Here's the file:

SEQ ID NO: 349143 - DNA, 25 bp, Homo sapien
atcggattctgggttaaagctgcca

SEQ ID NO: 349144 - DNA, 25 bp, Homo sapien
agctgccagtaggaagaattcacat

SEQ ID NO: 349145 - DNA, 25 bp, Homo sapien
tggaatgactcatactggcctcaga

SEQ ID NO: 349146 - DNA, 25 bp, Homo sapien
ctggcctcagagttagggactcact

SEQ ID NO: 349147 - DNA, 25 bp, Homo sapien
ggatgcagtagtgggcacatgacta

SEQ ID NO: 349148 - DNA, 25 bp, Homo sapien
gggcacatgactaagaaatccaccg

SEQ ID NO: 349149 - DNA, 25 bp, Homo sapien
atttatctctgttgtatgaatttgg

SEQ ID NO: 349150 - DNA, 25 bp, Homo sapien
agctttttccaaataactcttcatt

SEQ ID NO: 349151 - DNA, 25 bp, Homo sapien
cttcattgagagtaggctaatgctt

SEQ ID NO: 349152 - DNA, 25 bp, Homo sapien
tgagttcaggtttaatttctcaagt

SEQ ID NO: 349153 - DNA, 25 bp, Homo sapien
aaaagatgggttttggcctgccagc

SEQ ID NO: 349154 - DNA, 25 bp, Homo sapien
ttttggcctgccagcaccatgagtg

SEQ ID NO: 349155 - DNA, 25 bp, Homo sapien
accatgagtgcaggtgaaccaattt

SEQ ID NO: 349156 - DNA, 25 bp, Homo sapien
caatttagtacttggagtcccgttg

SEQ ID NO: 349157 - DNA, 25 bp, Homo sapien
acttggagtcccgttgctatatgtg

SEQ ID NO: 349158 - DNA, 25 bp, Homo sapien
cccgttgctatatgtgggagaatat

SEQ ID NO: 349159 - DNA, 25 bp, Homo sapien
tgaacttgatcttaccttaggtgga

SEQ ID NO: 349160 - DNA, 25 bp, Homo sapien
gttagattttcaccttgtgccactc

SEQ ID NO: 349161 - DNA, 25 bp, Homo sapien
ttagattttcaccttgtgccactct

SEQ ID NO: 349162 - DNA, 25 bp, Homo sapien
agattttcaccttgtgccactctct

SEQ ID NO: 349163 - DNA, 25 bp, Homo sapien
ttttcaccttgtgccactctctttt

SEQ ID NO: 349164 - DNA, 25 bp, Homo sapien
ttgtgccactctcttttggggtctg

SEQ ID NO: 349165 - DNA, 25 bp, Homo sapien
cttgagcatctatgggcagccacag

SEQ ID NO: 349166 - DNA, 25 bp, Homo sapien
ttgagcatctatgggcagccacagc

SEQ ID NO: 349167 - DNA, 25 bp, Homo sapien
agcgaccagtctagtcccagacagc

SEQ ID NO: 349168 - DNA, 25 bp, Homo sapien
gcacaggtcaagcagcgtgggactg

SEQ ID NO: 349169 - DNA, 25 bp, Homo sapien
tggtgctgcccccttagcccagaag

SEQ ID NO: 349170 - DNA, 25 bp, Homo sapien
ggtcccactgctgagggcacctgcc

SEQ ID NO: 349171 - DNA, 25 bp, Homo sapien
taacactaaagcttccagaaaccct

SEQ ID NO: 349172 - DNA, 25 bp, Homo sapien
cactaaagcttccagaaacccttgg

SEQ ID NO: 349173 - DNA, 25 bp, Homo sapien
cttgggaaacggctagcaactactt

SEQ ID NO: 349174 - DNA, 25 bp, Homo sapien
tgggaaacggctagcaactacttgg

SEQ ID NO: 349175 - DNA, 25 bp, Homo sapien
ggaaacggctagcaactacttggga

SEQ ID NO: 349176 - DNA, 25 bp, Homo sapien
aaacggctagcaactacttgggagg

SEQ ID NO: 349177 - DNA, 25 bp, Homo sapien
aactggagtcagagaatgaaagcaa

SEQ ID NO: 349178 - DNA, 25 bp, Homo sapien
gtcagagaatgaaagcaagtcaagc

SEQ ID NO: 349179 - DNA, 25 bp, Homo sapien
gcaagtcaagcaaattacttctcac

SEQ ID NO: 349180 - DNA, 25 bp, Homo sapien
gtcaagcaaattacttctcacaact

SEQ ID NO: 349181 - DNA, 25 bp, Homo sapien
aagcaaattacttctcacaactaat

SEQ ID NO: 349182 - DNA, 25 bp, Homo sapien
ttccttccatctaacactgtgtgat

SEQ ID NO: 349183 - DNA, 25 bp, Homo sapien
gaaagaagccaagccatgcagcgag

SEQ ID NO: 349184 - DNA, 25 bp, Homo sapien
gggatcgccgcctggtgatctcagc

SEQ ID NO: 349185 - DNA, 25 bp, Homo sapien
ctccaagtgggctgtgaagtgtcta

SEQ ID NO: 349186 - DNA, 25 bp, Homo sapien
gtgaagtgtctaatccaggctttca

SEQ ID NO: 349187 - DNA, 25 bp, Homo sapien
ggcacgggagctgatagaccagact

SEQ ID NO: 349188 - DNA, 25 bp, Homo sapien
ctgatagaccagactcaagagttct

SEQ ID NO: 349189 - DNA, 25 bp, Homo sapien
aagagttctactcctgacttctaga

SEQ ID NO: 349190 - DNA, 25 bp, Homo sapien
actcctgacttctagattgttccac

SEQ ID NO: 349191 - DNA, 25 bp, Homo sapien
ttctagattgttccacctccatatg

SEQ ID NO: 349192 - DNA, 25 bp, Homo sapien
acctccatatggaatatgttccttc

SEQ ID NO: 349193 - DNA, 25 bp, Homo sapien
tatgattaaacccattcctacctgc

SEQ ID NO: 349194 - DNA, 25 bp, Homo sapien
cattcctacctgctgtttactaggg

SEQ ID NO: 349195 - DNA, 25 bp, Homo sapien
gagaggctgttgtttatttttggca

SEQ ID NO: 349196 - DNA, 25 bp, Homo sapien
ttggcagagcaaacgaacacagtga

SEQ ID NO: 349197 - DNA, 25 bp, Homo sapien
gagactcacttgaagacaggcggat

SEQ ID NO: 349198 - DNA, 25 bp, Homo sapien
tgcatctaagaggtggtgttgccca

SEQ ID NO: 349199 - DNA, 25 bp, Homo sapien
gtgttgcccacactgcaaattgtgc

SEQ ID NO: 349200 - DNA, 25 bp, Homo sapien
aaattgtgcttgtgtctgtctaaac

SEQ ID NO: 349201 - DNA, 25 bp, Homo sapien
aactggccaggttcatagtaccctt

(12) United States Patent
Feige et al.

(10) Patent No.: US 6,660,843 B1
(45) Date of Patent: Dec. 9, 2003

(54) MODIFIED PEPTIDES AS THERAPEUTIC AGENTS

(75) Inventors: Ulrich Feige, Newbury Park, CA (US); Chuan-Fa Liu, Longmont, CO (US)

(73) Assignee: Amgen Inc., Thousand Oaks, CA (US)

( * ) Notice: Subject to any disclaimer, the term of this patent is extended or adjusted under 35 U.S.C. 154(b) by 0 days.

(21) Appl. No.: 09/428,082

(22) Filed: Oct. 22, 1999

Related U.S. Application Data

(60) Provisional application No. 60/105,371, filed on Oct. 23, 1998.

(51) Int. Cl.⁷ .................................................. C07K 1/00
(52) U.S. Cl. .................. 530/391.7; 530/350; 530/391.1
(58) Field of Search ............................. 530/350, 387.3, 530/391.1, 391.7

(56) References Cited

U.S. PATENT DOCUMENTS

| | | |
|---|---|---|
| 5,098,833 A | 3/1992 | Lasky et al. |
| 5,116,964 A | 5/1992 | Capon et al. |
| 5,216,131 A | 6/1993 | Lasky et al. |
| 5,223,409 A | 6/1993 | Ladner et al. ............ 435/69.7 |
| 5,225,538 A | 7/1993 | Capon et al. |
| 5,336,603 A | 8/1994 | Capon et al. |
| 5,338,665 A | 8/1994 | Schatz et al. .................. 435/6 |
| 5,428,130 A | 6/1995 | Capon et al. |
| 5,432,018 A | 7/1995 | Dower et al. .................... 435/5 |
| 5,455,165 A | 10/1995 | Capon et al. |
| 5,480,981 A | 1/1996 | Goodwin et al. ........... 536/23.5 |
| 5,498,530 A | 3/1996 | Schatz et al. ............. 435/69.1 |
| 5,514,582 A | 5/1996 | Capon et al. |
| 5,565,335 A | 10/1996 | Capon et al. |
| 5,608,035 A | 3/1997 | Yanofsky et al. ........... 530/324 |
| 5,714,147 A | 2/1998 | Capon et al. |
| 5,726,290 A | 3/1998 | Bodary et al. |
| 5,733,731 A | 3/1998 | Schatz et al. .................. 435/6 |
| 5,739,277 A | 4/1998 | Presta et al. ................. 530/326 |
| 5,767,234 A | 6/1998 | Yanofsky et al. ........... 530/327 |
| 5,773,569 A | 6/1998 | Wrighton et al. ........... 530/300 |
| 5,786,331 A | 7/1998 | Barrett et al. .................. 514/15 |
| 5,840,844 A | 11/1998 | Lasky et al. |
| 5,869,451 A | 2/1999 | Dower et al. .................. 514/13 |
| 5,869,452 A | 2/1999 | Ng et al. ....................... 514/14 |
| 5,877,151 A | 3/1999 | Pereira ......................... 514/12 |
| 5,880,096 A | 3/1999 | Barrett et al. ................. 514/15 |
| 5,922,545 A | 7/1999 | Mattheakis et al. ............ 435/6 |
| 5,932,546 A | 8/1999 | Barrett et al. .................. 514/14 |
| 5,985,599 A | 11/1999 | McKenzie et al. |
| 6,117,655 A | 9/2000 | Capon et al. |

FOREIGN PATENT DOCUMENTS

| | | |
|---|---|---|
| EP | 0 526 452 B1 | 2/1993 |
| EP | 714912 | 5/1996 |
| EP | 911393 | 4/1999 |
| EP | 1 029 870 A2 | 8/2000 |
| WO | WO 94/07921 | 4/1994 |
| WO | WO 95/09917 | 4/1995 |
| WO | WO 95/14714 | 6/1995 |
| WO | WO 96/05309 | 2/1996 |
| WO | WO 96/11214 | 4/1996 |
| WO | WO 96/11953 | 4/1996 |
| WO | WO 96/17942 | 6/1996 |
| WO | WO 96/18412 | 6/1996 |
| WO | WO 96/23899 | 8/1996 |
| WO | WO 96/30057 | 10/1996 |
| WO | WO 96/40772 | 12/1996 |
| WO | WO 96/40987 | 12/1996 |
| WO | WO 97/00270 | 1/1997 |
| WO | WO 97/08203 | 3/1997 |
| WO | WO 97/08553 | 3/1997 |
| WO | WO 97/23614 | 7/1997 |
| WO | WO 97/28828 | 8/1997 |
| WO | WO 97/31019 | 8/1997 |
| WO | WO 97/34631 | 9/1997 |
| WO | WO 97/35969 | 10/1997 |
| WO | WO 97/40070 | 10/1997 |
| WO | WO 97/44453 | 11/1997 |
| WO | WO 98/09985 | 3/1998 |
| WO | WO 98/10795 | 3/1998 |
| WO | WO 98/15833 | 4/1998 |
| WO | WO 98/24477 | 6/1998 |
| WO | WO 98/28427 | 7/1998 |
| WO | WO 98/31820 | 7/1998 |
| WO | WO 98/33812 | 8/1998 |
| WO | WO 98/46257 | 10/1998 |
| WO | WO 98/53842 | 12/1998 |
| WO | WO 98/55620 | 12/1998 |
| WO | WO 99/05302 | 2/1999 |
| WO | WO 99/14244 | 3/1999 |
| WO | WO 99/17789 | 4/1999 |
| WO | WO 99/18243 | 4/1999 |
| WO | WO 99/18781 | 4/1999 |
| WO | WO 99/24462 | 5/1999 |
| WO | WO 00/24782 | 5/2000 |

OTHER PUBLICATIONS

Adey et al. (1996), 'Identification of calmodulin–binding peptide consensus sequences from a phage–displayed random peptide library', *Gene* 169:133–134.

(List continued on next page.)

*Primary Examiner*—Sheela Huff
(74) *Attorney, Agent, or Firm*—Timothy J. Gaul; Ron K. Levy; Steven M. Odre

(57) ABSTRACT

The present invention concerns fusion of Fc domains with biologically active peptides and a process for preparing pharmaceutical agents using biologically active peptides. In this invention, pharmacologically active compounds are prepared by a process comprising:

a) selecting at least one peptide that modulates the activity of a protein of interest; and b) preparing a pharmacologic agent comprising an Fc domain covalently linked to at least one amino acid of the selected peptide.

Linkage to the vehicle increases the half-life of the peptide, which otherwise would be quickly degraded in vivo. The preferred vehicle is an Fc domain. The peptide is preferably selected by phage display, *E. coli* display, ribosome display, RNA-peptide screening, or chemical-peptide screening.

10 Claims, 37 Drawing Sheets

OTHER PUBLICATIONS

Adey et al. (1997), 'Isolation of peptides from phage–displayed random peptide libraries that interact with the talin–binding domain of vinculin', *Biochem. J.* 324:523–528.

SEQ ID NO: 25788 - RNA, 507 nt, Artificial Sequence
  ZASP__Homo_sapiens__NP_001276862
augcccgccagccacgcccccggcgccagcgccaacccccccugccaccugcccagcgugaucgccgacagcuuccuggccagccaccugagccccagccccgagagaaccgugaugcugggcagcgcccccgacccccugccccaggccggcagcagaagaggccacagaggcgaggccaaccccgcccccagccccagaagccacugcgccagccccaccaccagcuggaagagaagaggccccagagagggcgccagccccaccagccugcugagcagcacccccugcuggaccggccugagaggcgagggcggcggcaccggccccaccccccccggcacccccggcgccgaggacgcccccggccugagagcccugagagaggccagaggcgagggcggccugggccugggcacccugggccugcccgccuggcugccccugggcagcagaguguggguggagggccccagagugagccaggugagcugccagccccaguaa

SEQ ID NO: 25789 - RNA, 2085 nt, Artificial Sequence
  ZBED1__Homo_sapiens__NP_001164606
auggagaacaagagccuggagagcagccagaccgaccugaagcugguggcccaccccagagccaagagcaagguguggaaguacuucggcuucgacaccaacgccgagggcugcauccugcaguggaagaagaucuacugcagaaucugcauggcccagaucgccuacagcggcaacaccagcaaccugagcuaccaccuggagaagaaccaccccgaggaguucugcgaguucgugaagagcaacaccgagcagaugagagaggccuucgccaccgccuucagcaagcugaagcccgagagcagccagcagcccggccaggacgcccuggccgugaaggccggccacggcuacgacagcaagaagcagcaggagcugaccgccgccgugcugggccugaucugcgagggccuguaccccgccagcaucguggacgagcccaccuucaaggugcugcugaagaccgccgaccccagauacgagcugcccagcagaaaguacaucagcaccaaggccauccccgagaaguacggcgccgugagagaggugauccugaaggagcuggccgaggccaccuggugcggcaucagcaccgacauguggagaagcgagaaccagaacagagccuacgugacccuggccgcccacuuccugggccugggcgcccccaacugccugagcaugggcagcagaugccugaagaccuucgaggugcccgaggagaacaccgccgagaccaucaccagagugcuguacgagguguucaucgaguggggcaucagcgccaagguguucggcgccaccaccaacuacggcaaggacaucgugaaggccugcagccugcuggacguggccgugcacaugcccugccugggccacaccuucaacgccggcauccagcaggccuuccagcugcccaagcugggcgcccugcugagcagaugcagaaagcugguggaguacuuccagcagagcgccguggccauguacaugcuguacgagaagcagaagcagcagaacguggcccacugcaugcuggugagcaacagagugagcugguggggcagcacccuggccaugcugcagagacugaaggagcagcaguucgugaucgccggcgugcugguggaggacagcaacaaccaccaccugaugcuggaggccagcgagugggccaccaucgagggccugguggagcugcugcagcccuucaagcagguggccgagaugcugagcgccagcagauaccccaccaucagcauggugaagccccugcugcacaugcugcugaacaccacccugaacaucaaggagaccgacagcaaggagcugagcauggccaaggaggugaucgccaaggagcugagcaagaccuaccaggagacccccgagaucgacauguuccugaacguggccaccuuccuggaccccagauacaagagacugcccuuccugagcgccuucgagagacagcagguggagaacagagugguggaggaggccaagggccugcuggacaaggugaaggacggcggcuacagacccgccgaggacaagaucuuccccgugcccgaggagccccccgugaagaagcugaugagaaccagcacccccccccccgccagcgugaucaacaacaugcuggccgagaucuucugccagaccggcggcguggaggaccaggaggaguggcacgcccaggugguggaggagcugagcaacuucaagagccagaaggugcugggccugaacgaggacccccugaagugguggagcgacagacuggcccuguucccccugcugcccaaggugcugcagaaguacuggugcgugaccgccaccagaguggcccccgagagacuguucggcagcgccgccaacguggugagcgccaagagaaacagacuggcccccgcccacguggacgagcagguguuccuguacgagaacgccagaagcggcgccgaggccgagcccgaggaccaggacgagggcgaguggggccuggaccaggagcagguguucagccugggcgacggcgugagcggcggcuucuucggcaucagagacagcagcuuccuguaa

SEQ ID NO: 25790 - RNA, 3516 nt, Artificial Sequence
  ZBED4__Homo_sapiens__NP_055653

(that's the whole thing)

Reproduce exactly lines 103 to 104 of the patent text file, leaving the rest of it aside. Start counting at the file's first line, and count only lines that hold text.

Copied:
SEQ ID NO: 349194 - DNA, 25 bp, Homo sapien
cattcctacctgctgtttactaggg